The crisis in Syria is a humanitarian disaster. But the U.S. politicians share responsibility for creating the mess that exists there today. The people of Syria have nothing positive to expect from Trump and the other U.S. politicians. The U.S. policies of greed and war are against the interests of all the poor and working people of the world, including in the U.S.

  • The Manchester bombing is a horrific crime.

    Little wonder, given that the groups involved are invariably the political creation of the major imperialist powers—used to further their predatory interests abroad and legitimise the repressive measures imposed at home in the name of the “war on terror.”

    The growth of Islamist terror groups is the by-product of the endless series of imperialist wars waged since the dissolution of the Soviet Union in 1991 and escalated since the 2003 invasion of Iraq. Afghanistan, Iraq, Libya and now Syria have provided the breeding ground for the bitter resentments on which the Islamists feed and then channel in such a deeply reactionary direction.

    These groups are often considered allies before later being deemed to be enemies. The Islamic State of Iraq and Syria (ISIS) has claimed responsibility for the suicide nail bombing. Its origins lie in the 2003 US-British invasion and occupation of Iraq. ISIS began life as Al Qaeda in Iraq, the product of the Sunni insurgency that emerged after the overthrow of Saddam Hussein. It shifted to Syria in 2010 thanks to the US-led efforts to destabilise and overthrow the regime of Bashar-Al Assad through the arming and funding of Islamist militias.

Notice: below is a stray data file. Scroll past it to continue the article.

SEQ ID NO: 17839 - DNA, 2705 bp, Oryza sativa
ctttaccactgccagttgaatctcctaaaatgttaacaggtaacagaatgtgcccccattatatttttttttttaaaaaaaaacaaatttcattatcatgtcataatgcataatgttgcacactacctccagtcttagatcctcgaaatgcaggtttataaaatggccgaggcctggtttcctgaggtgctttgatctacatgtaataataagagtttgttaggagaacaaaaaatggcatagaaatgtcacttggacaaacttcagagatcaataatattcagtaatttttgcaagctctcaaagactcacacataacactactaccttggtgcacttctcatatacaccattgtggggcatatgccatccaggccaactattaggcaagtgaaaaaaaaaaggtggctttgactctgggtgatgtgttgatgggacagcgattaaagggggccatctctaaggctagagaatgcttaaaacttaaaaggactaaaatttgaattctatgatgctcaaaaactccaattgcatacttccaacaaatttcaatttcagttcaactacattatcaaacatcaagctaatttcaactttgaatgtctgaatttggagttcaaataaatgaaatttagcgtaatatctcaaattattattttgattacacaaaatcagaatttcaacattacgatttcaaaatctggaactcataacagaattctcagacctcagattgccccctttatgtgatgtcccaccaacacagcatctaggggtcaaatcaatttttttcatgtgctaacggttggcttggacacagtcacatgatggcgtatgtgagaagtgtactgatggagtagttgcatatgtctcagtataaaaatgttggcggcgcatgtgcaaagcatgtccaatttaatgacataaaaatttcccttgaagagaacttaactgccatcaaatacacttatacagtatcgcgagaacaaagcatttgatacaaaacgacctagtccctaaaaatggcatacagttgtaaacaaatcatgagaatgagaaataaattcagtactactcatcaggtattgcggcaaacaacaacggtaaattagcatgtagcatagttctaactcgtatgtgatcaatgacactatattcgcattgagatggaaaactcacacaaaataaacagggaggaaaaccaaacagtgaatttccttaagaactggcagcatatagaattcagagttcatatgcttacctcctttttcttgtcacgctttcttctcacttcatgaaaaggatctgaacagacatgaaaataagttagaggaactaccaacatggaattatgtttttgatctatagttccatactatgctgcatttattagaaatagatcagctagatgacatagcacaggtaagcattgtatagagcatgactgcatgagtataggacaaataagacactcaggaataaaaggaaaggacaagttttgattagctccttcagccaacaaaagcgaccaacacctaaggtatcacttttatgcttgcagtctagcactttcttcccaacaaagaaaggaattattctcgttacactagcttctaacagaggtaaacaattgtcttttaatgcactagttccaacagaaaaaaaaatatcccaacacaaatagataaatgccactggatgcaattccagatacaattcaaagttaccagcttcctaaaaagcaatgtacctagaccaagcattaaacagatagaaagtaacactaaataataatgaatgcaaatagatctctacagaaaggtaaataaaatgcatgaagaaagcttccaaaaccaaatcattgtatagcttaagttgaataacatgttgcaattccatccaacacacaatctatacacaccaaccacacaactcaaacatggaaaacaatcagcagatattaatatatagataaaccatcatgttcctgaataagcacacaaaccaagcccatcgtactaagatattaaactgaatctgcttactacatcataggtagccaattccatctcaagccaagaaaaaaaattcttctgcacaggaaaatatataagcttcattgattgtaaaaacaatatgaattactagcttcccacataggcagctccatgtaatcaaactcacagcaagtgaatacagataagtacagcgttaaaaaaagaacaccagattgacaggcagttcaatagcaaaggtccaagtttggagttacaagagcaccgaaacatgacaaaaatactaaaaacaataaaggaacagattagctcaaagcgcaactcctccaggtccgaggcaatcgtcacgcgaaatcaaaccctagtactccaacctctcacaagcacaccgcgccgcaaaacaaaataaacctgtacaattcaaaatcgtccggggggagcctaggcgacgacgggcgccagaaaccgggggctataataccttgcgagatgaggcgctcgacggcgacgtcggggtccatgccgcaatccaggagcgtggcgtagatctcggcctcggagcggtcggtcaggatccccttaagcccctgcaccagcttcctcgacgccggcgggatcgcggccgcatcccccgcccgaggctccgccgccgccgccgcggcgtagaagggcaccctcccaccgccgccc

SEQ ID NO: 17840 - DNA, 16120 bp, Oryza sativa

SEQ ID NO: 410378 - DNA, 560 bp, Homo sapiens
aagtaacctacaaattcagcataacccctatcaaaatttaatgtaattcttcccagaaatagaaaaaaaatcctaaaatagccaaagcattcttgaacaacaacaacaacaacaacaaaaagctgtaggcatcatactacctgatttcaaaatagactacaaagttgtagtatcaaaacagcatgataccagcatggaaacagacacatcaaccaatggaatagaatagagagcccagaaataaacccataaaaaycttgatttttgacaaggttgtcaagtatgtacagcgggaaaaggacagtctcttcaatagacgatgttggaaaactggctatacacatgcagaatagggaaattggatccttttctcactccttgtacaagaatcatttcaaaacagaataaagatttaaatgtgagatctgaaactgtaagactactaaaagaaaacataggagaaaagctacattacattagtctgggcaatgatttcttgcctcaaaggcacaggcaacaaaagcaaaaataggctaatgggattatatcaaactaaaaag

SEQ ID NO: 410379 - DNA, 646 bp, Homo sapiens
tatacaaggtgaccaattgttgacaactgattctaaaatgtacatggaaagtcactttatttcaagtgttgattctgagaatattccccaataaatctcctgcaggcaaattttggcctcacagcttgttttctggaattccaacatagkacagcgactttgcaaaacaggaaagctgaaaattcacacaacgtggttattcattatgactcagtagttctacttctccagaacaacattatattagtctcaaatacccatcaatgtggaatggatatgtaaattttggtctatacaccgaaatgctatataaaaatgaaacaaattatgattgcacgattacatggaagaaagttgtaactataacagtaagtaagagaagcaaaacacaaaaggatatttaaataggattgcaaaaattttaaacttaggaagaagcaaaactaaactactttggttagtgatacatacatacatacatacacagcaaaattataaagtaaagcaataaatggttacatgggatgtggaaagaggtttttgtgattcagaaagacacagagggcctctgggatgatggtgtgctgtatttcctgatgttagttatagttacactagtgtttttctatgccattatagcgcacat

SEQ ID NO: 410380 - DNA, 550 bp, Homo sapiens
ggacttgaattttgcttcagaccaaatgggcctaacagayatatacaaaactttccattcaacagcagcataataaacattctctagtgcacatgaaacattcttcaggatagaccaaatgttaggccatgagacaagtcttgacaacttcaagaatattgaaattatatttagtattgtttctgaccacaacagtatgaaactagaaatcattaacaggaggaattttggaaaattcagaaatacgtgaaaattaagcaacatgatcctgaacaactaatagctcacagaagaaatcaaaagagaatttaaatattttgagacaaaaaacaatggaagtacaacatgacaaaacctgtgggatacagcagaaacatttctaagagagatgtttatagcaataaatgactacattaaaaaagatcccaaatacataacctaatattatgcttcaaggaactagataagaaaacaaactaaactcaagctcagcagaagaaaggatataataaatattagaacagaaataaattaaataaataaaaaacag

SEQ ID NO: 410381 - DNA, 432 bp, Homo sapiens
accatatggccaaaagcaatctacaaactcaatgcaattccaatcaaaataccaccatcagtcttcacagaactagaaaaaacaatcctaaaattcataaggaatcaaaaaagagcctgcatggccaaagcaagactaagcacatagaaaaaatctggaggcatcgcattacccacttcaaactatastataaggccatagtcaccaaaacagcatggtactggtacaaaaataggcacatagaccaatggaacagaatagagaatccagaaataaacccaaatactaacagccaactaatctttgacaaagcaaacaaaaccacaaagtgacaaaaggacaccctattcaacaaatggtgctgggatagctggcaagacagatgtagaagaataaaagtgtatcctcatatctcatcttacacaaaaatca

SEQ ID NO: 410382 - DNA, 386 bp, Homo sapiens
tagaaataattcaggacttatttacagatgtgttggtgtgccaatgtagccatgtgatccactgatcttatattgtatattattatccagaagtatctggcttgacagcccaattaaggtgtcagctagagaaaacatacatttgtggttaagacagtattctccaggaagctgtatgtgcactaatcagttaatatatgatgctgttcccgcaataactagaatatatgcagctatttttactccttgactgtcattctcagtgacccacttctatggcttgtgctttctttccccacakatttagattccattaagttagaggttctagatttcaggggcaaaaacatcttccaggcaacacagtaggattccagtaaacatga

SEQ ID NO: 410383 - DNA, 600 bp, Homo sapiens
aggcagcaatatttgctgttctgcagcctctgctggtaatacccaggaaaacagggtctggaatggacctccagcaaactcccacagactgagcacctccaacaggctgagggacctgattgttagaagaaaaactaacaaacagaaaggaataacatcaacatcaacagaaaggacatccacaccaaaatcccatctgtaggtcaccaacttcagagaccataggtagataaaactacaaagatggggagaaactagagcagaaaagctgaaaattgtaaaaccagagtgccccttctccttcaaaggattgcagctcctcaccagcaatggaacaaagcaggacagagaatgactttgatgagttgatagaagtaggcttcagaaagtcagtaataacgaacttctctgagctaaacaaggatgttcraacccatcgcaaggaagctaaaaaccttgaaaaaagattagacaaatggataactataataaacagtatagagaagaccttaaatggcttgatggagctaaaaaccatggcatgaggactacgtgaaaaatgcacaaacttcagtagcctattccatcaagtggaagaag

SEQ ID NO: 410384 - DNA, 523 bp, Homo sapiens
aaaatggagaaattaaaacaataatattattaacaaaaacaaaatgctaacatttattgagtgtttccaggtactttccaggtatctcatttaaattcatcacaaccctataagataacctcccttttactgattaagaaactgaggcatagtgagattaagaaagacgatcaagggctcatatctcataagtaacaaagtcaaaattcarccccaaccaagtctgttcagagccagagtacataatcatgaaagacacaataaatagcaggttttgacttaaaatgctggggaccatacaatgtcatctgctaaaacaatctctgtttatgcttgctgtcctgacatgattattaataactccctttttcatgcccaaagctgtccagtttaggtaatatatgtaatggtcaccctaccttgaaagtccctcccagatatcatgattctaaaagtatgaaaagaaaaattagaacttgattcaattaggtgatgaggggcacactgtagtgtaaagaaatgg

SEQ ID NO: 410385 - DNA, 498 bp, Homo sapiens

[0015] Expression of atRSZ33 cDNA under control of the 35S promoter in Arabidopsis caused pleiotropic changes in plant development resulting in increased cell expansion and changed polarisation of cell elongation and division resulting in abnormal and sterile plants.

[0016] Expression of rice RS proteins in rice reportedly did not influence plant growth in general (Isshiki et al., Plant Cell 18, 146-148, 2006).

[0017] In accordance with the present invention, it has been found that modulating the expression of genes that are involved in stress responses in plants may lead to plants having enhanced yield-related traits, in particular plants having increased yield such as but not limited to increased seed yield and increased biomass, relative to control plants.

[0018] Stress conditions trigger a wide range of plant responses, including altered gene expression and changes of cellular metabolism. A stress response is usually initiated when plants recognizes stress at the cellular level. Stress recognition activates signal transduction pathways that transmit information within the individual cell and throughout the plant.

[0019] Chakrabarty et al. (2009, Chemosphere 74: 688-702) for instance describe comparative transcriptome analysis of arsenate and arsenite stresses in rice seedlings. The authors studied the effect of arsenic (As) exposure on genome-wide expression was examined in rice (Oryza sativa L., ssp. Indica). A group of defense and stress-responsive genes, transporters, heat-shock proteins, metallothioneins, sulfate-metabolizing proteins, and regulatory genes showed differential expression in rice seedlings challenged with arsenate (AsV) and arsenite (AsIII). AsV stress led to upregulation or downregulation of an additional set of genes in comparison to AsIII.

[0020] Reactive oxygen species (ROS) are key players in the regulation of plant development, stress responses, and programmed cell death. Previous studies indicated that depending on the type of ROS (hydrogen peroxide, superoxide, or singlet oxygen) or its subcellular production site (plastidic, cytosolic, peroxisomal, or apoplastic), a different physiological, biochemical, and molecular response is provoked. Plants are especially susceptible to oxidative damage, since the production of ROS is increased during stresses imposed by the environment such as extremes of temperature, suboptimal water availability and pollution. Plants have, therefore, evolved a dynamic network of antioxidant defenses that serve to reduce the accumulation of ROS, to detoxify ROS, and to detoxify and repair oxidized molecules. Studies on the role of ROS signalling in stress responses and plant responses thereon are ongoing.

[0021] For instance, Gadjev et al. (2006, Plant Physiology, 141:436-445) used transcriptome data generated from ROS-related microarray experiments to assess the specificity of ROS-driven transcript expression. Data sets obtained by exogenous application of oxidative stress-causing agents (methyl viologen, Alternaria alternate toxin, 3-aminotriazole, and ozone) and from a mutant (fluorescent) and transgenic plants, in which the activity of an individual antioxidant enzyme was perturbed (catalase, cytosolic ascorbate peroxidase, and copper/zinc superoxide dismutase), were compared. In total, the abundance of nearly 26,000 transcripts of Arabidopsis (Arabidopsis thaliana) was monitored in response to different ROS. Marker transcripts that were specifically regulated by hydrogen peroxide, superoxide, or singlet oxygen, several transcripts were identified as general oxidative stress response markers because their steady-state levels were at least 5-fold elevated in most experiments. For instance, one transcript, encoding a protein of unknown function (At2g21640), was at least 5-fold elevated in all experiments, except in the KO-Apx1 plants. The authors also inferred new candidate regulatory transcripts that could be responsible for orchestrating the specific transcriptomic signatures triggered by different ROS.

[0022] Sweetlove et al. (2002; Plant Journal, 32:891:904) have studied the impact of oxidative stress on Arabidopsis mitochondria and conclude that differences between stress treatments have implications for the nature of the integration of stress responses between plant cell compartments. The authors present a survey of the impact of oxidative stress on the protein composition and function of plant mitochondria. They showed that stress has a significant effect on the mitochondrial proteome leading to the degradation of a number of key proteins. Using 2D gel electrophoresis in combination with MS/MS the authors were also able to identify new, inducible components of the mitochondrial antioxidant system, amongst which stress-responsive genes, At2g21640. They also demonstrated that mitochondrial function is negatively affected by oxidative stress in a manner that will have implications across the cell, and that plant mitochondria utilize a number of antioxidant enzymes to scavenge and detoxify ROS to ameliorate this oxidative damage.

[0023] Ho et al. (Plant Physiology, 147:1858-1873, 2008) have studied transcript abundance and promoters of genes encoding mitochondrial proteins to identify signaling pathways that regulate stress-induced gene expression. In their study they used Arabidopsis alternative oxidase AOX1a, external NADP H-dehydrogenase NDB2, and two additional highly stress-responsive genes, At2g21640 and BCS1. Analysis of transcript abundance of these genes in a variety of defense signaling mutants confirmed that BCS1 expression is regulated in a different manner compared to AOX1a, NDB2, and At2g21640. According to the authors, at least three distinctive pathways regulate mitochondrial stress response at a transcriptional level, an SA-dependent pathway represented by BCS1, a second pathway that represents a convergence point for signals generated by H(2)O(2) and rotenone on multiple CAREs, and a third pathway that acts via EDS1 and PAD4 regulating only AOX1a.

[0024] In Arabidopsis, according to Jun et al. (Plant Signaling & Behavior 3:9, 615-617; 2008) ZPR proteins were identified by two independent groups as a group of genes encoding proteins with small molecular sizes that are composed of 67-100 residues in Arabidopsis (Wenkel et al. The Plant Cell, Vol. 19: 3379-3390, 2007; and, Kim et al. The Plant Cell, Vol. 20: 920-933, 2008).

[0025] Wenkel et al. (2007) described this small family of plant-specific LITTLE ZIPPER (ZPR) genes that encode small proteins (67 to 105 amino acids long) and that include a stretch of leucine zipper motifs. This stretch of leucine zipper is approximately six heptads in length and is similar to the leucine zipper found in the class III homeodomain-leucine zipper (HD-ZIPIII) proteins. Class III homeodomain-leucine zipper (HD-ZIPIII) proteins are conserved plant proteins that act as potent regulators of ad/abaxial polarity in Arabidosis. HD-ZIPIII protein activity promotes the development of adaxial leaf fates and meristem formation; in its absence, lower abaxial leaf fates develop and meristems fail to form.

Events in Britain are indeed following the pattern set in France, where a state of emergency has been in force since 2015. It is just one month since the presidential elections there took place at gunpoint, with over 50,000 police and soldiers stationed at polling booths. The reason given was the murder of a police officer by Karim Cheurfi, a career criminal supposedly acting on behalf of ISIS. Cheurfi was well known to security and intelligence agencies, yet was left free to carry out his deadly assault.